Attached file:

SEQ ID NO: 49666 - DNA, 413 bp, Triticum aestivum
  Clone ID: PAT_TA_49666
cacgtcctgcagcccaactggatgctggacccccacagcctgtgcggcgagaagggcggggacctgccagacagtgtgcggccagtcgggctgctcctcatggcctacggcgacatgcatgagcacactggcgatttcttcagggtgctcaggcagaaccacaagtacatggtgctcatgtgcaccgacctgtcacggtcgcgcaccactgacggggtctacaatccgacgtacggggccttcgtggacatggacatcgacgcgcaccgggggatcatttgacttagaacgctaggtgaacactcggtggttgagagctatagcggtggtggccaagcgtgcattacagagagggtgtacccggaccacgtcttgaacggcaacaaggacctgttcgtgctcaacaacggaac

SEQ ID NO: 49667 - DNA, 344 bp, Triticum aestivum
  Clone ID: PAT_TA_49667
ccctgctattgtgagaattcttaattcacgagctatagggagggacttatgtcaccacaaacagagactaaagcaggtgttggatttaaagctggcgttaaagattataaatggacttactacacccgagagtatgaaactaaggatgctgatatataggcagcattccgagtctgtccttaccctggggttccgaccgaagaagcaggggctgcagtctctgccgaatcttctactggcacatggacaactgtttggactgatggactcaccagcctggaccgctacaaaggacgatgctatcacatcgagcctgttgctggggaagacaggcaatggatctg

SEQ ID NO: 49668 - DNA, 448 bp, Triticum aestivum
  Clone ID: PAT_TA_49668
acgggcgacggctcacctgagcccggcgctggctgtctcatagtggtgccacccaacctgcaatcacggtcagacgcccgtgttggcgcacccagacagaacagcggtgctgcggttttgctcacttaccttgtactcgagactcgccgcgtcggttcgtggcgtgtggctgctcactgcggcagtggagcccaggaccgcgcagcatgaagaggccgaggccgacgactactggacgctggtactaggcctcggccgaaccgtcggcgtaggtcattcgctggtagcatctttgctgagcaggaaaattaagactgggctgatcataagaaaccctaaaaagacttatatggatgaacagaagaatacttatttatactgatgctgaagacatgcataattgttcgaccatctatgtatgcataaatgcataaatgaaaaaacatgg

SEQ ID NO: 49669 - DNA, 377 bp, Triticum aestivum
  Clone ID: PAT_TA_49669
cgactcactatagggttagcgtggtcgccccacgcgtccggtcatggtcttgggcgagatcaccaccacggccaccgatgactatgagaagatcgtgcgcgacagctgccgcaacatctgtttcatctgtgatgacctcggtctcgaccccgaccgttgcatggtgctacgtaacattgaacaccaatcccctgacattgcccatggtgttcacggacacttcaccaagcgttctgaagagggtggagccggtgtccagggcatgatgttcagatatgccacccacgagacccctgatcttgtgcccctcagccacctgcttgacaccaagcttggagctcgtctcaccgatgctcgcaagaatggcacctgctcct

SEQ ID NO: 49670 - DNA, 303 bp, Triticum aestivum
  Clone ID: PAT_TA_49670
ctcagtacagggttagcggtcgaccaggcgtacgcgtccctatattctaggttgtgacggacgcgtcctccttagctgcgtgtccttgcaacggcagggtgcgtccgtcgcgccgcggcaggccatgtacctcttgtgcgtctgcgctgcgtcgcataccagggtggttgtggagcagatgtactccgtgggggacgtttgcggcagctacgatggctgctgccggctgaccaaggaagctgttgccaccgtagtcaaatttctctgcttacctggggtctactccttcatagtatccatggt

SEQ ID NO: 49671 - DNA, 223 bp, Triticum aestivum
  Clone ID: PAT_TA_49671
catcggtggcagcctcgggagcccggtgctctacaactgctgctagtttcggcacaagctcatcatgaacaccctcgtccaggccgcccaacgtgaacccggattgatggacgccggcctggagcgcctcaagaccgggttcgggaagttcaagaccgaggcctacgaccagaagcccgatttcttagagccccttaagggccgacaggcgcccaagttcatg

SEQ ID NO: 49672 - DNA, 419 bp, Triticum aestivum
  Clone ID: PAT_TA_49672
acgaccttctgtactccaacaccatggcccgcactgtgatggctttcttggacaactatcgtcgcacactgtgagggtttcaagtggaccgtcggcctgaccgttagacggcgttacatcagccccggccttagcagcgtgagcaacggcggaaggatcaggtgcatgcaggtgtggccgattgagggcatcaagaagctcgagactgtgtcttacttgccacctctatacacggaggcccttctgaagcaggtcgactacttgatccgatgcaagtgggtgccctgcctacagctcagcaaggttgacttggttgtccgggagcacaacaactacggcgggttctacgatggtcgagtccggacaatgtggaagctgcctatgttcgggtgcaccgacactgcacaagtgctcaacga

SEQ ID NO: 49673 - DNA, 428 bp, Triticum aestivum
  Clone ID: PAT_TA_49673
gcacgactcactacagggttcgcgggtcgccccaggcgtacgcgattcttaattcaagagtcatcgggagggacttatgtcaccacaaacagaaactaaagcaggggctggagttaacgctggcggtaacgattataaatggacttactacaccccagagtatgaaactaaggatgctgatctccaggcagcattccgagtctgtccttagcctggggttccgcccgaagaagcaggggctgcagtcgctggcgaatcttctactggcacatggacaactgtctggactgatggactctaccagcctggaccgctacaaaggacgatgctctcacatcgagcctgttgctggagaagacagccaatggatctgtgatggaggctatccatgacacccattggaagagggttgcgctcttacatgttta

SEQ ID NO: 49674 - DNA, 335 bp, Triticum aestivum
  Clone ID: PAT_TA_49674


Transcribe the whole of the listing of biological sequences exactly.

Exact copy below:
SEQ ID NO: 49666 - DNA, 413 bp, Triticum aestivum
  Clone ID: PAT_TA_49666
cacgtcctgcagcccaactggatgctggacccccacagcctgtgcggcgagaagggcggggacctgccagacagtgtgcggccagtcgggctgctcctcatggcctacggcgacatgcatgagcacactggcgatttcttcagggtgctcaggcagaaccacaagtacatggtgctcatgtgcaccgacctgtcacggtcgcgcaccactgacggggtctacaatccgacgtacggggccttcgtggacatggacatcgacgcgcaccgggggatcatttgacttagaacgctaggtgaacactcggtggttgagagctatagcggtggtggccaagcgtgcattacagagagggtgtacccggaccacgtcttgaacggcaacaaggacctgttcgtgctcaacaacggaac

SEQ ID NO: 49667 - DNA, 344 bp, Triticum aestivum
  Clone ID: PAT_TA_49667
ccctgctattgtgagaattcttaattcacgagctatagggagggacttatgtcaccacaaacagagactaaagcaggtgttggatttaaagctggcgttaaagattataaatggacttactacacccgagagtatgaaactaaggatgctgatatataggcagcattccgagtctgtccttaccctggggttccgaccgaagaagcaggggctgcagtctctgccgaatcttctactggcacatggacaactgtttggactgatggactcaccagcctggaccgctacaaaggacgatgctatcacatcgagcctgttgctggggaagacaggcaatggatctg

SEQ ID NO: 49668 - DNA, 448 bp, Triticum aestivum
  Clone ID: PAT_TA_49668
acgggcgacggctcacctgagcccggcgctggctgtctcatagtggtgccacccaacctgcaatcacggtcagacgcccgtgttggcgcacccagacagaacagcggtgctgcggttttgctcacttaccttgtactcgagactcgccgcgtcggttcgtggcgtgtggctgctcactgcggcagtggagcccaggaccgcgcagcatgaagaggccgaggccgacgactactggacgctggtactaggcctcggccgaaccgtcggcgtaggtcattcgctggtagcatctttgctgagcaggaaaattaagactgggctgatcataagaaaccctaaaaagacttatatggatgaacagaagaatacttatttatactgatgctgaagacatgcataattgttcgaccatctatgtatgcataaatgcataaatgaaaaaacatgg

SEQ ID NO: 49669 - DNA, 377 bp, Triticum aestivum
  Clone ID: PAT_TA_49669
cgactcactatagggttagcgtggtcgccccacgcgtccggtcatggtcttgggcgagatcaccaccacggccaccgatgactatgagaagatcgtgcgcgacagctgccgcaacatctgtttcatctgtgatgacctcggtctcgaccccgaccgttgcatggtgctacgtaacattgaacaccaatcccctgacattgcccatggtgttcacggacacttcaccaagcgttctgaagagggtggagccggtgtccagggcatgatgttcagatatgccacccacgagacccctgatcttgtgcccctcagccacctgcttgacaccaagcttggagctcgtctcaccgatgctcgcaagaatggcacctgctcct

SEQ ID NO: 49670 - DNA, 303 bp, Triticum aestivum
  Clone ID: PAT_TA_49670
ctcagtacagggttagcggtcgaccaggcgtacgcgtccctatattctaggttgtgacggacgcgtcctccttagctgcgtgtccttgcaacggcagggtgcgtccgtcgcgccgcggcaggccatgtacctcttgtgcgtctgcgctgcgtcgcataccagggtggttgtggagcagatgtactccgtgggggacgtttgcggcagctacgatggctgctgccggctgaccaaggaagctgttgccaccgtagtcaaatttctctgcttacctggggtctactccttcatagtatccatggt

SEQ ID NO: 49671 - DNA, 223 bp, Triticum aestivum
  Clone ID: PAT_TA_49671
catcggtggcagcctcgggagcccggtgctctacaactgctgctagtttcggcacaagctcatcatgaacaccctcgtccaggccgcccaacgtgaacccggattgatggacgccggcctggagcgcctcaagaccgggttcgggaagttcaagaccgaggcctacgaccagaagcccgatttcttagagccccttaagggccgacaggcgcccaagttcatg

SEQ ID NO: 49672 - DNA, 419 bp, Triticum aestivum
  Clone ID: PAT_TA_49672
acgaccttctgtactccaacaccatggcccgcactgtgatggctttcttggacaactatcgtcgcacactgtgagggtttcaagtggaccgtcggcctgaccgttagacggcgttacatcagccccggccttagcagcgtgagcaacggcggaaggatcaggtgcatgcaggtgtggccgattgagggcatcaagaagctcgagactgtgtcttacttgccacctctatacacggaggcccttctgaagcaggtcgactacttgatccgatgcaagtgggtgccctgcctacagctcagcaaggttgacttggttgtccgggagcacaacaactacggcgggttctacgatggtcgagtccggacaatgtggaagctgcctatgttcgggtgcaccgacactgcacaagtgctcaacga

SEQ ID NO: 49673 - DNA, 428 bp, Triticum aestivum
  Clone ID: PAT_TA_49673
gcacgactcactacagggttcgcgggtcgccccaggcgtacgcgattcttaattcaagagtcatcgggagggacttatgtcaccacaaacagaaactaaagcaggggctggagttaacgctggcggtaacgattataaatggacttactacaccccagagtatgaaactaaggatgctgatctccaggcagcattccgagtctgtccttagcctggggttccgcccgaagaagcaggggctgcagtcgctggcgaatcttctactggcacatggacaactgtctggactgatggactctaccagcctggaccgctacaaaggacgatgctctcacatcgagcctgttgctggagaagacagccaatggatctgtgatggaggctatccatgacacccattggaagagggttgcgctcttacatgttta

SEQ ID NO: 49674 - DNA, 335 bp, Triticum aestivum
  Clone ID: PAT_TA_49674